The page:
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Filing for Chapter 7?

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 What is Chapter 7 Bankruptcy?


Chapter 7 involves the liquidation of non-exempt assets which are distributed to creditors. All forms of bankruptcy involve some sort of loss of assets. However, under a chapter 7 filing, singles, couples, and families usually are able to keep their house and cars. Chapter 7 also involves forgiving any unsecured loans held, such as credit cards, unsecured personal loans, and medical bills. The process for chapter 7 filing usually takes several months and involves one hearing.

It’s important to note that chapter 7 bankruptcy does not involve a repayment or installment plan. Filing for chapter 7 is about as close to a clean slate as one can get in bankruptcy, and has a track record of being better for your credit in the long run than alternative chapters. 


Do I qualify for Chapter 7?


Not everyone can file under chapter 7. Individuals currently facing foreclosure or whose debt includes taxes may be unable to file for chapter 7. Additionally, chapter 7 was designed with families in mind who are very simply broke. As such, having larger quantities of assets or a significantly large income can also disqualify one from filing with chapter 7. However, it’s important to note that there is no disqualifying limit on the outstanding debts an individual has.

In addition to individuals and families, Chapter 7 bankruptcy can be filed by partnerships, corporations, and other business entities. As the US Courts say, though, “One of the primary purposes of bankruptcy is to discharge certain debts to give an honest individual debtor a ‘fresh start.'”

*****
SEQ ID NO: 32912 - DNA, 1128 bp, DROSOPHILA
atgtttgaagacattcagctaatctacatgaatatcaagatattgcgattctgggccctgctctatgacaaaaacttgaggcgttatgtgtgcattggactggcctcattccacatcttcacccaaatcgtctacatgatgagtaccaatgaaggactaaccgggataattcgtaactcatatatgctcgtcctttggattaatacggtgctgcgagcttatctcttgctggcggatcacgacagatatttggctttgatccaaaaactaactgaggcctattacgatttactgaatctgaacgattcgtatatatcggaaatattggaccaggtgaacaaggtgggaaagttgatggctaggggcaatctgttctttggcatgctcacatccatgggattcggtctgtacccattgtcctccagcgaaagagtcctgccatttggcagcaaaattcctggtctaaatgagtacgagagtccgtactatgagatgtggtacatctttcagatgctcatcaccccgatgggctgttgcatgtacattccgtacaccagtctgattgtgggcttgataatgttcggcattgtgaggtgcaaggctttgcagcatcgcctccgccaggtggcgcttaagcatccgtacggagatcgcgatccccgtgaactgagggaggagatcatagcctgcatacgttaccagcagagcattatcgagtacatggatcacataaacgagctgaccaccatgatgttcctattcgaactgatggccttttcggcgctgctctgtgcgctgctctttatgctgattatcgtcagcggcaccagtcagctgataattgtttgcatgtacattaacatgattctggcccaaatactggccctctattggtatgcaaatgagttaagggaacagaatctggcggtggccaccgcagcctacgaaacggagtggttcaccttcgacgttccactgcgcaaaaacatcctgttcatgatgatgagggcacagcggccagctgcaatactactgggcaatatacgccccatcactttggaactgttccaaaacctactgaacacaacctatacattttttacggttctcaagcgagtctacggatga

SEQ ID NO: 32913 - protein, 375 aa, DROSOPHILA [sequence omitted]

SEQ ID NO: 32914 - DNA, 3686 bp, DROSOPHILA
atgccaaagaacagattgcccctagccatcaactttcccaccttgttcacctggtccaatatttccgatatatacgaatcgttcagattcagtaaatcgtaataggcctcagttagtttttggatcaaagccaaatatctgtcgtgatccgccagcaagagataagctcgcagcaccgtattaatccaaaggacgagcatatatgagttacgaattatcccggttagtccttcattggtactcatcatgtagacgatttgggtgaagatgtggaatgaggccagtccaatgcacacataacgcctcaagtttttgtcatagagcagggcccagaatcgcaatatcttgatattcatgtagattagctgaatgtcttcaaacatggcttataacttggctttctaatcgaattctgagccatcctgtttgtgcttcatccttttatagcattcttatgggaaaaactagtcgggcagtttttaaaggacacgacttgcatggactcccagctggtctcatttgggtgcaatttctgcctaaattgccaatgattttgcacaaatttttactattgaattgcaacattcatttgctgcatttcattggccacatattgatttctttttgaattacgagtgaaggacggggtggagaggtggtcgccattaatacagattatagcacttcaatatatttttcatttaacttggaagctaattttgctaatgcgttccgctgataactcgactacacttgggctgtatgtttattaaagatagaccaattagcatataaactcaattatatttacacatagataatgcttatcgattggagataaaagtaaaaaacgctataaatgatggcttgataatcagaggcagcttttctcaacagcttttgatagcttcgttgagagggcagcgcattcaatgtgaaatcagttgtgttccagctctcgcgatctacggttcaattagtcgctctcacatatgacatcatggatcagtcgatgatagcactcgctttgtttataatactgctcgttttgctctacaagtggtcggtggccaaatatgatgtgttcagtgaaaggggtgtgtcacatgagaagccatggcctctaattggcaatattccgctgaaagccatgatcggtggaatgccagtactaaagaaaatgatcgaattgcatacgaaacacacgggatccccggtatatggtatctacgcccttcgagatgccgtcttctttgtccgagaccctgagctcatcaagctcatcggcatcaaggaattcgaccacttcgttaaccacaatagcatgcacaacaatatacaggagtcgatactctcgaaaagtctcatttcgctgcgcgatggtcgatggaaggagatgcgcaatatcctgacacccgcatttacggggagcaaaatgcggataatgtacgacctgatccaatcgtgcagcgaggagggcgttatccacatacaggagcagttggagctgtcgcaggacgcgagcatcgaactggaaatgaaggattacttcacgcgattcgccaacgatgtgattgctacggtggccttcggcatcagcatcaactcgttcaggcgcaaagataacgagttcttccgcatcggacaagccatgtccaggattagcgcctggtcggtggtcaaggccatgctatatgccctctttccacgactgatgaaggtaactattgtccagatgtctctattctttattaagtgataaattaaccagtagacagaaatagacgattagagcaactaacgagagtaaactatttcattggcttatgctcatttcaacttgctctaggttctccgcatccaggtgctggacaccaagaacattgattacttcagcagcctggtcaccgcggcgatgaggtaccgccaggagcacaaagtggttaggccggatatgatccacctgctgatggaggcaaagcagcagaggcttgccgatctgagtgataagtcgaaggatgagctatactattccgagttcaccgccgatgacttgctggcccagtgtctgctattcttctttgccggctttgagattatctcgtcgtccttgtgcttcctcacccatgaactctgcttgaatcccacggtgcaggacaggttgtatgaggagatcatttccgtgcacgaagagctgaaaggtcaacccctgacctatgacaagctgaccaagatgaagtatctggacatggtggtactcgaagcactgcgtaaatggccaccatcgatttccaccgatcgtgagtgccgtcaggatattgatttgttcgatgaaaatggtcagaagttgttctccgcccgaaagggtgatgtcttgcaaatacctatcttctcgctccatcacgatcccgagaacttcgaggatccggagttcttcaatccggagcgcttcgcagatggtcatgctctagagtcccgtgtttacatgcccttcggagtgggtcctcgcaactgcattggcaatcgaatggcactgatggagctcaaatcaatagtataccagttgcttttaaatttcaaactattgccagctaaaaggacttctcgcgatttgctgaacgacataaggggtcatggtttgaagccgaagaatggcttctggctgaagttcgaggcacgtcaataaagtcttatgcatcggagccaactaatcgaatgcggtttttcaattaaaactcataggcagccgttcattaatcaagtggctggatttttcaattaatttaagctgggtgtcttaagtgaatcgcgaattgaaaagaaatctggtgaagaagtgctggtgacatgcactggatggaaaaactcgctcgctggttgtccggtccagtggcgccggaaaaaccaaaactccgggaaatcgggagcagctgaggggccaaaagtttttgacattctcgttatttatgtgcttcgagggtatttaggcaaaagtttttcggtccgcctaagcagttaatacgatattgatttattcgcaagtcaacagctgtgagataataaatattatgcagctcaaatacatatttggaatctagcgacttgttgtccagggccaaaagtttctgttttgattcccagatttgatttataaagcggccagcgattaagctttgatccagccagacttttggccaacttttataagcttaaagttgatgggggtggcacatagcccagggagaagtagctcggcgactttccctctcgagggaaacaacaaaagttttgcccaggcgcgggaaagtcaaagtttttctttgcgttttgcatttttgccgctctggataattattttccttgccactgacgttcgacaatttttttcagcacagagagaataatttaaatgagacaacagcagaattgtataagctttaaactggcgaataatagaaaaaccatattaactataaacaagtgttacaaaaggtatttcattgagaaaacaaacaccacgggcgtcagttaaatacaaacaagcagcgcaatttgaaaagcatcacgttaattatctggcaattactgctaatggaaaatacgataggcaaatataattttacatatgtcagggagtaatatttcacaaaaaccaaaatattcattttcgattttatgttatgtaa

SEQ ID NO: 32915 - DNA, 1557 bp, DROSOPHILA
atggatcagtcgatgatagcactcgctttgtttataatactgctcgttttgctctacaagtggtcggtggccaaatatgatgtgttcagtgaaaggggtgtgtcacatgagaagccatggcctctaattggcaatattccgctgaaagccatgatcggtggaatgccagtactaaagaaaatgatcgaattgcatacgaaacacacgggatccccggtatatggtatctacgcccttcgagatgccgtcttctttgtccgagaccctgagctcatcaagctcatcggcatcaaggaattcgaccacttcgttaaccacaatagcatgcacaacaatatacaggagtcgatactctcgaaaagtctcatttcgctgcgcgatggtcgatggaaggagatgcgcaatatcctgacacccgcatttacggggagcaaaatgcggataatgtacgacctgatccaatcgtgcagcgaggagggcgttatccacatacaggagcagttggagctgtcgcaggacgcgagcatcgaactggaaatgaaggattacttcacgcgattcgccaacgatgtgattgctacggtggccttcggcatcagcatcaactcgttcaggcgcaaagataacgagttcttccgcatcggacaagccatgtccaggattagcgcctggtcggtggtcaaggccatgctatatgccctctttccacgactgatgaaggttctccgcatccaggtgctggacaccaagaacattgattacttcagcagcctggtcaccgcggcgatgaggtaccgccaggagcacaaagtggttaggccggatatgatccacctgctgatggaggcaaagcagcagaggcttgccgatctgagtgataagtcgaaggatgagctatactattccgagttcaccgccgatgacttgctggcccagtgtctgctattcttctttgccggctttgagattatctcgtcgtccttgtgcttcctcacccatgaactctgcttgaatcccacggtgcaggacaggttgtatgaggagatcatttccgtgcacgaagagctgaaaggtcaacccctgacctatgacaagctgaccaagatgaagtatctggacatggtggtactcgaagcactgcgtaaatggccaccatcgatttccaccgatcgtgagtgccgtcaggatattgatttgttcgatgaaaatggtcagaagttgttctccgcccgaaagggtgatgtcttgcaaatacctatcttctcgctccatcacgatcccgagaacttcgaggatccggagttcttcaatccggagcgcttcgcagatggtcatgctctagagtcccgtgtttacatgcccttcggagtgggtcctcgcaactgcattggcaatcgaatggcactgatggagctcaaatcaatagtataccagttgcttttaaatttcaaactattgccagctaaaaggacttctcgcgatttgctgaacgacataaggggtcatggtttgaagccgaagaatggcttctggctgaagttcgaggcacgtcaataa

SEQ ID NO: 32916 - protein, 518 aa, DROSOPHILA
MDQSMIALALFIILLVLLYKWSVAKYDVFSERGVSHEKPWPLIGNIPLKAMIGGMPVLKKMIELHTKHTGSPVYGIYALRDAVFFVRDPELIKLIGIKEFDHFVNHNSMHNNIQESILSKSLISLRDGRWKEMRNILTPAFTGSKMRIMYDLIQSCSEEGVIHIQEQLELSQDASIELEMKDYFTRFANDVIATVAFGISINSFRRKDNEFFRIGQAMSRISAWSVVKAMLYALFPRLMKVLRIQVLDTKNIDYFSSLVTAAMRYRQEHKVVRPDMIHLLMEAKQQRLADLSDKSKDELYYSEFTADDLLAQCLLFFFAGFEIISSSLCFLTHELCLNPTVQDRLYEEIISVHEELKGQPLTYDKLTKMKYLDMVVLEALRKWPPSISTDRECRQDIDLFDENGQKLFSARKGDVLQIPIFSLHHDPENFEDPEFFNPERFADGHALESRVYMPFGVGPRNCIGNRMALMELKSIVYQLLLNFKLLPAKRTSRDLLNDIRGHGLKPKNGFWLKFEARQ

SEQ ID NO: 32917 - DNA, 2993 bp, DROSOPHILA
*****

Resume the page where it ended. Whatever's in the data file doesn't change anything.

What will I need to file?


In addition to your lawyer to help you navigate the process, the court will want to see a solid paper trail. This includes tax returns, pay stubs, bank statements, liens, and as much paperwork as you can find on your income and assets. Remember, the more organized your paper trail is, the easier the process will be for you. Families with a mortgage must provide those. Also remember to consider any debts you had cosigned and who should bear the responsibility for those.


How can I protect my family?


Facing bankruptcy is frightening for anyone. There are many ways you can protect your family through this. The first is to have a good lawyer. Steven Willock has been practicing bankruptcy law in Tacoma, WA for more than 6 years, and has practiced for another decade before that in the rigorous California. Having a good lawyer in your corner is essential to make the process go smoothly and to ensure the best possible outcome for you and your family. In addition to your lawyer, your best protection is to get organized, and get prepared. Know your options so you can make the best possible decision. Your family will thank you!